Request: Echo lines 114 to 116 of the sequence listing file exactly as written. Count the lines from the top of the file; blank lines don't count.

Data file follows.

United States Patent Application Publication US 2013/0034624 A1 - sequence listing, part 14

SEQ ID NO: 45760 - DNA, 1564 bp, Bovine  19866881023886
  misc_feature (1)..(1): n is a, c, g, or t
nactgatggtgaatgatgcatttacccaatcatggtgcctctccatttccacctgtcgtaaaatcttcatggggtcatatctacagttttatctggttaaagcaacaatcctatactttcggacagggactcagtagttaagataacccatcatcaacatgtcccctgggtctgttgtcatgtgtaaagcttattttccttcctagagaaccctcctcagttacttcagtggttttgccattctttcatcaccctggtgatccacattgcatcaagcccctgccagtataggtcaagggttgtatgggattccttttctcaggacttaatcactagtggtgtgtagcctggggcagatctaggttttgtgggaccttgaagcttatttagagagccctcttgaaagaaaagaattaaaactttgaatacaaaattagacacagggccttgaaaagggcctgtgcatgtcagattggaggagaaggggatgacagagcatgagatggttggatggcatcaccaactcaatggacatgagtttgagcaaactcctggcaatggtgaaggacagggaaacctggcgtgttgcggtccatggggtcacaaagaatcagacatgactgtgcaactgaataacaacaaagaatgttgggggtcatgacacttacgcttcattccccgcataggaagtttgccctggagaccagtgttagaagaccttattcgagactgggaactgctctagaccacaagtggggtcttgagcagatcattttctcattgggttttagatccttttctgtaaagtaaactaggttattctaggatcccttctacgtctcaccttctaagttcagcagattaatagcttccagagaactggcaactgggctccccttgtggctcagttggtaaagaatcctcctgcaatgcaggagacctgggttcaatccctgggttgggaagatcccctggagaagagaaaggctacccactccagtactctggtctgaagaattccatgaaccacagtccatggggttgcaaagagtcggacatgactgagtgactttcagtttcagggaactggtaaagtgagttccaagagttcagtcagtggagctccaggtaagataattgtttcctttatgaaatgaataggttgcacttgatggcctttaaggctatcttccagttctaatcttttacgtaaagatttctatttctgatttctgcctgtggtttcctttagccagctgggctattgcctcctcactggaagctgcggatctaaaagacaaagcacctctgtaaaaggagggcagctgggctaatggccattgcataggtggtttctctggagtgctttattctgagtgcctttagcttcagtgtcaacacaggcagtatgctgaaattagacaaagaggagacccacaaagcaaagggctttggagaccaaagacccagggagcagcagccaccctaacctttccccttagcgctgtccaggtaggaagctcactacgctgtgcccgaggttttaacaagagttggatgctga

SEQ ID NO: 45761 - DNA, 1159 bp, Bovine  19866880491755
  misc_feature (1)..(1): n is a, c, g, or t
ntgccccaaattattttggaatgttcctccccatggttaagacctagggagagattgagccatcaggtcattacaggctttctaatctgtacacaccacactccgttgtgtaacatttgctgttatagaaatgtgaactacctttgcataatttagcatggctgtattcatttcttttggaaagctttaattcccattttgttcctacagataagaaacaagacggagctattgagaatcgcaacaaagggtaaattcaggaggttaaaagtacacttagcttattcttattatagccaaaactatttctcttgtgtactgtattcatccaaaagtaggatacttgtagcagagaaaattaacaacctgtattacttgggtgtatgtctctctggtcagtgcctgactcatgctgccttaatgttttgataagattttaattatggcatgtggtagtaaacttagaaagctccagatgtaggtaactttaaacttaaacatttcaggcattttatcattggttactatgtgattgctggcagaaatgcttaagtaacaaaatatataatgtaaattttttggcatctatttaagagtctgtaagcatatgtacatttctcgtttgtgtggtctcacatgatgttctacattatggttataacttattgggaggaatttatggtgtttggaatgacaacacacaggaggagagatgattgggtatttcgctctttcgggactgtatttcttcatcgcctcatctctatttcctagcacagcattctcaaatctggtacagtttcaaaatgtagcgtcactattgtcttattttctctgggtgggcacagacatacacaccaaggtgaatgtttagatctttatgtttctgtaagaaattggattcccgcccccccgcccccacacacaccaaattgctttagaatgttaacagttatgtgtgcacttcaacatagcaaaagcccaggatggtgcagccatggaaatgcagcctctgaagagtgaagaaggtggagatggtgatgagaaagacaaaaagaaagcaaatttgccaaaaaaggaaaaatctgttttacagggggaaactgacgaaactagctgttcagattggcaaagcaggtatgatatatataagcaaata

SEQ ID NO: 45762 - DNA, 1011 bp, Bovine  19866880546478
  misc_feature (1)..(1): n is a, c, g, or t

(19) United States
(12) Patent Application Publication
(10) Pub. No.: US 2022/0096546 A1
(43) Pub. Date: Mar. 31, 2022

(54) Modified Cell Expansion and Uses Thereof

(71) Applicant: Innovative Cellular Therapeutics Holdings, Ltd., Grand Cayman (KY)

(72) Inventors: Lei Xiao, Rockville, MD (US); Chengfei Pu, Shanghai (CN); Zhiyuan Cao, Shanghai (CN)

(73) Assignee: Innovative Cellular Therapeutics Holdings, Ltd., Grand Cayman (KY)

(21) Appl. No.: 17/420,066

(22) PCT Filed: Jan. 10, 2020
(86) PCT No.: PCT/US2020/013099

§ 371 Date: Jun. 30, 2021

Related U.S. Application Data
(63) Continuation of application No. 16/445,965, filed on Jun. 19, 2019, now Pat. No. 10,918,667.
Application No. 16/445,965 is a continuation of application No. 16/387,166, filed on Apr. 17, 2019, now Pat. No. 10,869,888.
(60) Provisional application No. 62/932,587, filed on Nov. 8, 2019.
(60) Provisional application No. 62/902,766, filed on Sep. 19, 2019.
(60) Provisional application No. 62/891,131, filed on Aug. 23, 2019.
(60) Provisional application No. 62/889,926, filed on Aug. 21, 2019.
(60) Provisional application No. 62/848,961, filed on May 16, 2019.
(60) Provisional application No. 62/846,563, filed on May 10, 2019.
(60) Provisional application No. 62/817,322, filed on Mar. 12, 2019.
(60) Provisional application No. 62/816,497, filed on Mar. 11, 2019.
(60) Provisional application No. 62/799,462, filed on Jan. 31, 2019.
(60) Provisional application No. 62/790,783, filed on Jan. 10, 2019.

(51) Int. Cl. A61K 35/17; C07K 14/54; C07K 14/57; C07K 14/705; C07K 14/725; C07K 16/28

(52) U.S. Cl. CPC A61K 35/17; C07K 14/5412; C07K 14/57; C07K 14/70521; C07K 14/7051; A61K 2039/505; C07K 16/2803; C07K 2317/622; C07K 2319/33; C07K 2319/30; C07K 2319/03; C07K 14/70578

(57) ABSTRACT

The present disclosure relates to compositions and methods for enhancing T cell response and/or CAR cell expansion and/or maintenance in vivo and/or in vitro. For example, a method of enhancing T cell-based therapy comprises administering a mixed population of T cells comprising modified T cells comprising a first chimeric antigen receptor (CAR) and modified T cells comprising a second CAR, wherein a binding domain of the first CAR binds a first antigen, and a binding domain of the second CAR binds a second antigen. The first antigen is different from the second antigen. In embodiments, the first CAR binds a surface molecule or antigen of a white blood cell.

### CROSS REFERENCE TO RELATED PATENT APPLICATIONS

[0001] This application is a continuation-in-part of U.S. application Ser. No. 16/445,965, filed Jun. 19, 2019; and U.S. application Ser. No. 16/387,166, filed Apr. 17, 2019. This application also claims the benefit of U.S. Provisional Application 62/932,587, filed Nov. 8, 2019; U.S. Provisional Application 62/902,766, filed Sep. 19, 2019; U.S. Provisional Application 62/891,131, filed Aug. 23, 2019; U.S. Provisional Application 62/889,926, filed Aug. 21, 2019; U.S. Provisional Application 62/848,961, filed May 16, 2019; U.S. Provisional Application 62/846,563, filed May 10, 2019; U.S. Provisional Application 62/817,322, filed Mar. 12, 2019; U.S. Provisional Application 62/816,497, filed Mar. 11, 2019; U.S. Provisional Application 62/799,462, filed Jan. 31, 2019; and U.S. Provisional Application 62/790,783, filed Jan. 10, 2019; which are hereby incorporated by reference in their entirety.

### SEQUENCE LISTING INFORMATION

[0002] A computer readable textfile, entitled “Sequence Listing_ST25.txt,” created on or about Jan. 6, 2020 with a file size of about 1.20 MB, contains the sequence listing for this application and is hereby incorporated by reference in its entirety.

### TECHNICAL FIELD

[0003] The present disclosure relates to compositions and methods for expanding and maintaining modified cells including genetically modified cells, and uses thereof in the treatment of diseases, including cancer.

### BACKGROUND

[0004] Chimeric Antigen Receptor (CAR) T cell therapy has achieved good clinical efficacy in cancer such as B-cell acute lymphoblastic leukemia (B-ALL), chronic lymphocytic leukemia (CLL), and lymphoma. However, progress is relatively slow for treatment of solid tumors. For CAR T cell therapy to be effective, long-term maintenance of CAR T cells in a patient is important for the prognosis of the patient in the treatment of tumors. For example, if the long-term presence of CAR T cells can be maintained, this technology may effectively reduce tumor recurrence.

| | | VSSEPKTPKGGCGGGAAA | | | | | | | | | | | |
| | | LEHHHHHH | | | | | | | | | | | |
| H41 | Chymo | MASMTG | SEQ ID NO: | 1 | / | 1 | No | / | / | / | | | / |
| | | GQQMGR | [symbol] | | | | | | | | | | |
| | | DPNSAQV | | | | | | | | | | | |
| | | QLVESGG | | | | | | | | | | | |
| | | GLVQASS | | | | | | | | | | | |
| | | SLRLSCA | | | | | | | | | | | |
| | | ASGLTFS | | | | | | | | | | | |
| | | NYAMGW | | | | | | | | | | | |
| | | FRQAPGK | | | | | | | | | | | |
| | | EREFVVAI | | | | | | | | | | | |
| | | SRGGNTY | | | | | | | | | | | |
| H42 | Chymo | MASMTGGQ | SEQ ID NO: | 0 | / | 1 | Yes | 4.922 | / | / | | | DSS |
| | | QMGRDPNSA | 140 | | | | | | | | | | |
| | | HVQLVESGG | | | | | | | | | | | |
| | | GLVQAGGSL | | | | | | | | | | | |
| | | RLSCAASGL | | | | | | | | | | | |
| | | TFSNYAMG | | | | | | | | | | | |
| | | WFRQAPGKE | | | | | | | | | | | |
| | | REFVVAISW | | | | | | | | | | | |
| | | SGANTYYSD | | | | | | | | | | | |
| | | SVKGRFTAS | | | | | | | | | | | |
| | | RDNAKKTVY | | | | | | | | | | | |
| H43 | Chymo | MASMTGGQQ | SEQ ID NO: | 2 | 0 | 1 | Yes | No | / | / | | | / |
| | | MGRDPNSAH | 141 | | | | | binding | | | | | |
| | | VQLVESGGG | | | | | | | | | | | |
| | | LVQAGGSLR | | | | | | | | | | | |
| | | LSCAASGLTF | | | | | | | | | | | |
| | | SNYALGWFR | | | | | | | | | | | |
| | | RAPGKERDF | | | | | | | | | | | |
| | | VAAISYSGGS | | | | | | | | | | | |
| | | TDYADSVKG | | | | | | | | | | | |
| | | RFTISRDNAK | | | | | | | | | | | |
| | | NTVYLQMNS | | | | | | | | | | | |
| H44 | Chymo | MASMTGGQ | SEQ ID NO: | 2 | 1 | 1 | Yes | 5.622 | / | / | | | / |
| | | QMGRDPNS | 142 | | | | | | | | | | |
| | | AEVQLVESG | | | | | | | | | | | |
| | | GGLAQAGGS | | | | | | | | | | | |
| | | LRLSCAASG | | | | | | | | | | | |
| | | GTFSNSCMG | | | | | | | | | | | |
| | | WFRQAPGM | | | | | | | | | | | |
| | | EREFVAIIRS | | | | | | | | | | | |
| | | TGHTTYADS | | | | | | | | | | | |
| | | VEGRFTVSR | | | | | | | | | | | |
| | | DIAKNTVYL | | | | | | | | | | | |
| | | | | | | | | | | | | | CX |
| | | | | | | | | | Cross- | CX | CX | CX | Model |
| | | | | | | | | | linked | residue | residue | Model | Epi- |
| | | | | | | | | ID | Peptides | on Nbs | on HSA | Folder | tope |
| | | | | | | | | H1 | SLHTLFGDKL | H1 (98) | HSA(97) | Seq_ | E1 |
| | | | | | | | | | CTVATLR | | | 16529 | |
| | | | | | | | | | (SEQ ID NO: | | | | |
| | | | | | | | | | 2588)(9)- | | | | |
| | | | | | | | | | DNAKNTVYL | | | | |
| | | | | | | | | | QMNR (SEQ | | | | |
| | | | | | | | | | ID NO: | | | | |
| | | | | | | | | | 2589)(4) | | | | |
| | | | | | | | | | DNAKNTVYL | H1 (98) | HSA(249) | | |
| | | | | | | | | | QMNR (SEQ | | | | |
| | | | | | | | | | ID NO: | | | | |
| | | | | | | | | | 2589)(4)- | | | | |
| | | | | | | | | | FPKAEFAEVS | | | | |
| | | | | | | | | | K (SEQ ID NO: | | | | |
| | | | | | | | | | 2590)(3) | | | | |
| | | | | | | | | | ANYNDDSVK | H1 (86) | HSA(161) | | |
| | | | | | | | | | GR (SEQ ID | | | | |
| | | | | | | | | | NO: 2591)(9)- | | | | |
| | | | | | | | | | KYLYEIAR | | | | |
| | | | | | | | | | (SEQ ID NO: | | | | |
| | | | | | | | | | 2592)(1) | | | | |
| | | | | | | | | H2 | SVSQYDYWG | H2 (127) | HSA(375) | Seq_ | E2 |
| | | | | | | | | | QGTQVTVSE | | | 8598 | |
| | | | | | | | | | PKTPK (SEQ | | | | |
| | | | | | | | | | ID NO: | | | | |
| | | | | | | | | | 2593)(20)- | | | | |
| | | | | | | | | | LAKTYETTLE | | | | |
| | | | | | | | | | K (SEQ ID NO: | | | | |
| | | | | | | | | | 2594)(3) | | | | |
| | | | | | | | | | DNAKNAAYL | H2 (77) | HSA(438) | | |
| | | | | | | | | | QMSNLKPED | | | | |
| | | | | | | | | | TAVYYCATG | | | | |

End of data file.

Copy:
| | | | | | | | | | NO: 2591)(9)- | | | | |
| | | | | | | | | | KYLYEIAR | | | | |
| | | | | | | | | | (SEQ ID NO: | | | | |